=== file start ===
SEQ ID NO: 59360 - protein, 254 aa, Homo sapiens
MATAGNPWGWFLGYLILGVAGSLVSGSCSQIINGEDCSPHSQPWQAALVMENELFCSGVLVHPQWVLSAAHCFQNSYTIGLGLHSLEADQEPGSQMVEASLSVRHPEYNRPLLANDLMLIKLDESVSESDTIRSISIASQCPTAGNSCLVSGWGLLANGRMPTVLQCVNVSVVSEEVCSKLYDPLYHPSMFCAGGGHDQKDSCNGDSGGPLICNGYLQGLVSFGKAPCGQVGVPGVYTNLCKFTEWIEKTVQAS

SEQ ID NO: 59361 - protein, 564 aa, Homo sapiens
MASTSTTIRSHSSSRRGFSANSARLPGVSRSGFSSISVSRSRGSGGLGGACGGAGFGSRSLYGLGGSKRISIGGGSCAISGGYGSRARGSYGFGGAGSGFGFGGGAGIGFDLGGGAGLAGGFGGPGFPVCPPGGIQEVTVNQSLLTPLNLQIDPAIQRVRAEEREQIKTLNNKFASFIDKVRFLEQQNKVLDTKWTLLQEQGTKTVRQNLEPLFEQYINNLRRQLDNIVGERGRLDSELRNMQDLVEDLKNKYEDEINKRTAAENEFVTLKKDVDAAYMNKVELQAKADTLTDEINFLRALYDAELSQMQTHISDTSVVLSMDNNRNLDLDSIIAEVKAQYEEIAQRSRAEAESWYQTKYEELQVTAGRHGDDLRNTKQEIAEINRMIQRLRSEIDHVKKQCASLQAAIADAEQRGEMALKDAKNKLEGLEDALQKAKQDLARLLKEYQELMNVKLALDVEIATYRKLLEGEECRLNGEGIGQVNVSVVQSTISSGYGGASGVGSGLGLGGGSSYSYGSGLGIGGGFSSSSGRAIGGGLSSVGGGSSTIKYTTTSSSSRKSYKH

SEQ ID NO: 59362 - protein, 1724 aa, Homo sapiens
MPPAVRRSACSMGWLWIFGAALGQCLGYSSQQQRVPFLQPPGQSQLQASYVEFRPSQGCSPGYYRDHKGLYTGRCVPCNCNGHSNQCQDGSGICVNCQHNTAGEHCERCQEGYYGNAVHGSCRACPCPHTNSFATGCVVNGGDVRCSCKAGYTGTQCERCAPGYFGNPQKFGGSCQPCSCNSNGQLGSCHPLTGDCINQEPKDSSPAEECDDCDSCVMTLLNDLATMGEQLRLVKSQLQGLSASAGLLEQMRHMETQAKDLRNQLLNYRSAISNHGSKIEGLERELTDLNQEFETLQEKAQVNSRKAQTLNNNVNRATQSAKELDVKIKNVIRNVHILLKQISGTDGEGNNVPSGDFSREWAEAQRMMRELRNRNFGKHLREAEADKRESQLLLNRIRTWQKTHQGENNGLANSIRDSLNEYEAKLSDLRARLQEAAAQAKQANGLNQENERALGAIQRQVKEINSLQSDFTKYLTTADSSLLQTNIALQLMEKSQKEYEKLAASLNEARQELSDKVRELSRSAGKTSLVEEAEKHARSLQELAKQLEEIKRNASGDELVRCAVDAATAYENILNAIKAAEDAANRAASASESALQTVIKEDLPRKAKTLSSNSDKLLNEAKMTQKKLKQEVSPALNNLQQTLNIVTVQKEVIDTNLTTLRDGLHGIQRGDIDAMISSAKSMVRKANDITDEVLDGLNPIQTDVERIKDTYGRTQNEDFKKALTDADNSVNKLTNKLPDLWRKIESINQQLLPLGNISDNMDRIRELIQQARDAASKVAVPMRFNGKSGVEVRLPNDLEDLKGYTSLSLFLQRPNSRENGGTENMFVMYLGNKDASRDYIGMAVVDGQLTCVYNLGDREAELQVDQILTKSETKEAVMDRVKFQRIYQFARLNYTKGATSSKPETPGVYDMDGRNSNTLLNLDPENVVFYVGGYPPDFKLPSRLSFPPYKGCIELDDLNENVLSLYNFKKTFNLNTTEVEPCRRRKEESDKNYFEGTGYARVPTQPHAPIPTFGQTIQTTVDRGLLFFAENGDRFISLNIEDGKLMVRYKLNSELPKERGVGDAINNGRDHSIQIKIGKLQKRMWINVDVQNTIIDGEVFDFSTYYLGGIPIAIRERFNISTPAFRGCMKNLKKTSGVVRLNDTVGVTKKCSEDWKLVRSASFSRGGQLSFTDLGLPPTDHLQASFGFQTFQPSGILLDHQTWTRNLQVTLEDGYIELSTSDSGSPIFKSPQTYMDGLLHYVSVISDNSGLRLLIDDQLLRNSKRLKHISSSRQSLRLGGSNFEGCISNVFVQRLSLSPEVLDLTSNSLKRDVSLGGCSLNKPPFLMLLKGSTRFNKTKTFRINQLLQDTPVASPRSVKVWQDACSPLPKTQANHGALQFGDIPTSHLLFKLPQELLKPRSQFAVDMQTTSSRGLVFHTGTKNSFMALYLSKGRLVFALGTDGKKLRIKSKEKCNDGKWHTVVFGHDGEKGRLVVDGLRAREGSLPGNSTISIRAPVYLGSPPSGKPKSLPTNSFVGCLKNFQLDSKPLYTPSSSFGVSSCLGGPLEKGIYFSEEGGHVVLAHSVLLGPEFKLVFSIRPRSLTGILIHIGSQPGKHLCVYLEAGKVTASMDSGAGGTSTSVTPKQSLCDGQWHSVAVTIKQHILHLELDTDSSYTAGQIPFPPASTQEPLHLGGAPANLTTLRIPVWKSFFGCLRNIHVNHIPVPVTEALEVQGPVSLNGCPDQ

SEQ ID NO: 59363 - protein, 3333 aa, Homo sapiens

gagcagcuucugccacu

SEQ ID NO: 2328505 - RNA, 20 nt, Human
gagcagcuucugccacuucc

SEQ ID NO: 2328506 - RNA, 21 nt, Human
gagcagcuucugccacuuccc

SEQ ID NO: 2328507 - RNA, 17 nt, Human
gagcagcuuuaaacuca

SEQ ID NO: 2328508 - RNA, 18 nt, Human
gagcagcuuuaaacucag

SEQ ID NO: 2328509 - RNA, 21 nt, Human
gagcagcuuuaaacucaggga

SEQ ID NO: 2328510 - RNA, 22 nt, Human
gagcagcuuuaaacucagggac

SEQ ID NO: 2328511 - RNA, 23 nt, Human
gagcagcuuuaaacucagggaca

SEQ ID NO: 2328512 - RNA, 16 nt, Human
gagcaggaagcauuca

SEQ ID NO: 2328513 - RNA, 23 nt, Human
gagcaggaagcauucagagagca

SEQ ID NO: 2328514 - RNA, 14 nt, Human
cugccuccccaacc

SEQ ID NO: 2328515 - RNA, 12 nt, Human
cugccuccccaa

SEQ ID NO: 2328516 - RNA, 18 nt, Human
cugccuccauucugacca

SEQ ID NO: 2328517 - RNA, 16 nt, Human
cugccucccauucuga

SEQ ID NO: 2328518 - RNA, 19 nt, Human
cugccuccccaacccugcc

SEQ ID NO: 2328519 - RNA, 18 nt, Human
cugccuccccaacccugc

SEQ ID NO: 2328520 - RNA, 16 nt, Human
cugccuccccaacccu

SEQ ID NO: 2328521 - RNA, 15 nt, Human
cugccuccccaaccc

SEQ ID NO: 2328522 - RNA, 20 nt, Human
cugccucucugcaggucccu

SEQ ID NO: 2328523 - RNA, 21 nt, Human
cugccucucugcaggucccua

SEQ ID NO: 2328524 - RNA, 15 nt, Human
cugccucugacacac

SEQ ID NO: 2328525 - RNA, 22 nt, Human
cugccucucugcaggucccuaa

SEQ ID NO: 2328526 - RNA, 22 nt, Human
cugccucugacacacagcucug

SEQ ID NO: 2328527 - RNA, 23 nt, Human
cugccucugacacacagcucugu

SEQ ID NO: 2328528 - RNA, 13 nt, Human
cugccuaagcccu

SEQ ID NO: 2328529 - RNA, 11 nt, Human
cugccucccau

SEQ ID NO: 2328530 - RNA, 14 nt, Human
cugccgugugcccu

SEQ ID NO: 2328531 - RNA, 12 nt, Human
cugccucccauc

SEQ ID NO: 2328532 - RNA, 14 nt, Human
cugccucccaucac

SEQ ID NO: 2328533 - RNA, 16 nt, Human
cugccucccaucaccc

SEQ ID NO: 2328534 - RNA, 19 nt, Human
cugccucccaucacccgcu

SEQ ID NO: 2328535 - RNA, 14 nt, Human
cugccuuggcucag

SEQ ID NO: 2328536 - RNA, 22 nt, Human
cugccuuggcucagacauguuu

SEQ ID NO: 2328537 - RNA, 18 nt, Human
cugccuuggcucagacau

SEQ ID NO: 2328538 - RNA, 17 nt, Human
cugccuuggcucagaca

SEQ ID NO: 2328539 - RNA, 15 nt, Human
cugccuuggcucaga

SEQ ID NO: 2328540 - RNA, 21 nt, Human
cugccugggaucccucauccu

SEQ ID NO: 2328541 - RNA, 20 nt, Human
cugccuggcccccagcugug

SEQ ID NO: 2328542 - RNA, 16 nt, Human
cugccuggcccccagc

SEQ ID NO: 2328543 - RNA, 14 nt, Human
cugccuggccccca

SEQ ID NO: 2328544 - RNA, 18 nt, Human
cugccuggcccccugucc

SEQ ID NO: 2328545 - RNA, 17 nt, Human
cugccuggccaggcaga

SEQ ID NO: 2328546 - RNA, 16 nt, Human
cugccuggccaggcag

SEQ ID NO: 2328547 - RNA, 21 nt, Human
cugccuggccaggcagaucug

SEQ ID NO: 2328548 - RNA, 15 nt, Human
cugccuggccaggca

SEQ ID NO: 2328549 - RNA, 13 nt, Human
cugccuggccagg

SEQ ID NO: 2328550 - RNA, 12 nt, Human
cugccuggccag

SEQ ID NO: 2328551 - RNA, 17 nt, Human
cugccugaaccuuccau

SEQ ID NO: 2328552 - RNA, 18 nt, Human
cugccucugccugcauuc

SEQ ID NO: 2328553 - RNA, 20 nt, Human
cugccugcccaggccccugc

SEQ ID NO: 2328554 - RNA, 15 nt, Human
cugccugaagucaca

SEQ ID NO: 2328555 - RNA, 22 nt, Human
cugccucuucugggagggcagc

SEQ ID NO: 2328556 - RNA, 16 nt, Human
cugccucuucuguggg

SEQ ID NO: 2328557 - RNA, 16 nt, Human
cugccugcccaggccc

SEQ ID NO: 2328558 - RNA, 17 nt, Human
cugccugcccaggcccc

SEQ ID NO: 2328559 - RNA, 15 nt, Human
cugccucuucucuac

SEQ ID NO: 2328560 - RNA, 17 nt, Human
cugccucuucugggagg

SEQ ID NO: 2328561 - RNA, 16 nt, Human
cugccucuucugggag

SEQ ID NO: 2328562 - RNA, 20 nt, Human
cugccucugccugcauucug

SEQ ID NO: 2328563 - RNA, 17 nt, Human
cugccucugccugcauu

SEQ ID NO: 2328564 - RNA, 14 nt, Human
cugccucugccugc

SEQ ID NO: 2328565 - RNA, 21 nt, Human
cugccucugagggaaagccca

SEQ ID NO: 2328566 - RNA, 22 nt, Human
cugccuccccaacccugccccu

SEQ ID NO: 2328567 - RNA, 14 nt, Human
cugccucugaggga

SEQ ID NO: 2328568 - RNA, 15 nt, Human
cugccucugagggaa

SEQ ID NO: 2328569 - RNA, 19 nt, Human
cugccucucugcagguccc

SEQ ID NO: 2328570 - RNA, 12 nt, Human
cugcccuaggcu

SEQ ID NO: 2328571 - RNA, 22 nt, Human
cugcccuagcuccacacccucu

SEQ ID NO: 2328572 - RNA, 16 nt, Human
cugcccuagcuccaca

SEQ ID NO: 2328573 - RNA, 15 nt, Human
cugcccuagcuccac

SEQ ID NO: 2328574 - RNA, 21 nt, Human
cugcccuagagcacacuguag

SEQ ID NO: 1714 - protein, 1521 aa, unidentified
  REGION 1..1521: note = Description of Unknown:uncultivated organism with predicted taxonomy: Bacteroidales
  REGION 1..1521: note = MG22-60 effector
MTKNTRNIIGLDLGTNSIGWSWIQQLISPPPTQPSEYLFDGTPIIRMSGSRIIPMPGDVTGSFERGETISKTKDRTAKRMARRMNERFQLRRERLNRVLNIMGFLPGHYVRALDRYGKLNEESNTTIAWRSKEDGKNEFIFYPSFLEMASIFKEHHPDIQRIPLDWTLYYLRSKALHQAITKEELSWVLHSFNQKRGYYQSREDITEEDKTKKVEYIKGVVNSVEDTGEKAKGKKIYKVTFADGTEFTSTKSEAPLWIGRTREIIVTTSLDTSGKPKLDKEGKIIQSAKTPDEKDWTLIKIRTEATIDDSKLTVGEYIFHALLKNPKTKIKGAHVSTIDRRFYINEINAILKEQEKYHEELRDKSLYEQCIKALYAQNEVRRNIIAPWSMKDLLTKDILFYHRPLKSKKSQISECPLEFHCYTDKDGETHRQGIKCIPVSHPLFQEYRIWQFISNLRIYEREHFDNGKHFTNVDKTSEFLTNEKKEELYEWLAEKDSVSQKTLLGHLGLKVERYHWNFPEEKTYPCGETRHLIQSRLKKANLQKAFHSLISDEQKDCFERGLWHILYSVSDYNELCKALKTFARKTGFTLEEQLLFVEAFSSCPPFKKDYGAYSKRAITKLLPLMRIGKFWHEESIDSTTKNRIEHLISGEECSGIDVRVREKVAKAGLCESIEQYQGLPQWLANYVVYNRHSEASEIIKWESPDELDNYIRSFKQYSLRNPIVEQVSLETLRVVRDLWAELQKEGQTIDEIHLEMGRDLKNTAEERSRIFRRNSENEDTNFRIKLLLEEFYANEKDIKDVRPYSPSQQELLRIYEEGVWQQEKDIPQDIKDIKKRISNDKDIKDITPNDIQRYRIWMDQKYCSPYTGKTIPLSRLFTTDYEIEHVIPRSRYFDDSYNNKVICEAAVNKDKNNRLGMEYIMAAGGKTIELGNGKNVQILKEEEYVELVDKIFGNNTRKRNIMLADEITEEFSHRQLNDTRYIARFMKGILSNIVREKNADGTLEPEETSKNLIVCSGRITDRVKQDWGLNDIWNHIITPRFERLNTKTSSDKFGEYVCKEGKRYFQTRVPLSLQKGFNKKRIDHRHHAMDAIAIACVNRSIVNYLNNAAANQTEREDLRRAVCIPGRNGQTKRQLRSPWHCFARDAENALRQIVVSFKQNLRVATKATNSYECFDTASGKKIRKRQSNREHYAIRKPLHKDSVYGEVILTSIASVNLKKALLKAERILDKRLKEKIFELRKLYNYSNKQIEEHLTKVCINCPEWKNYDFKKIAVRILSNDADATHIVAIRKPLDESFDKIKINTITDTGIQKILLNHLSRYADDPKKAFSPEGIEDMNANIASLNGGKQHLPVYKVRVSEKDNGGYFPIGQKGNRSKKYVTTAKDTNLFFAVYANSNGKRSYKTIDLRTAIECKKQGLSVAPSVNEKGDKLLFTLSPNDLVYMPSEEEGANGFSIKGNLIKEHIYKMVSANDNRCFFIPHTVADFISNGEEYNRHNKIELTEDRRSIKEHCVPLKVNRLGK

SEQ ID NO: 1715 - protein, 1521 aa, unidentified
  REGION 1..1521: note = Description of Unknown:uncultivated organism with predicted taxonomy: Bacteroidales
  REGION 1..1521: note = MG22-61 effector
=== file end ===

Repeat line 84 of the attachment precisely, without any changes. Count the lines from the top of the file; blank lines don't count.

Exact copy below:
cugccuggcccccagc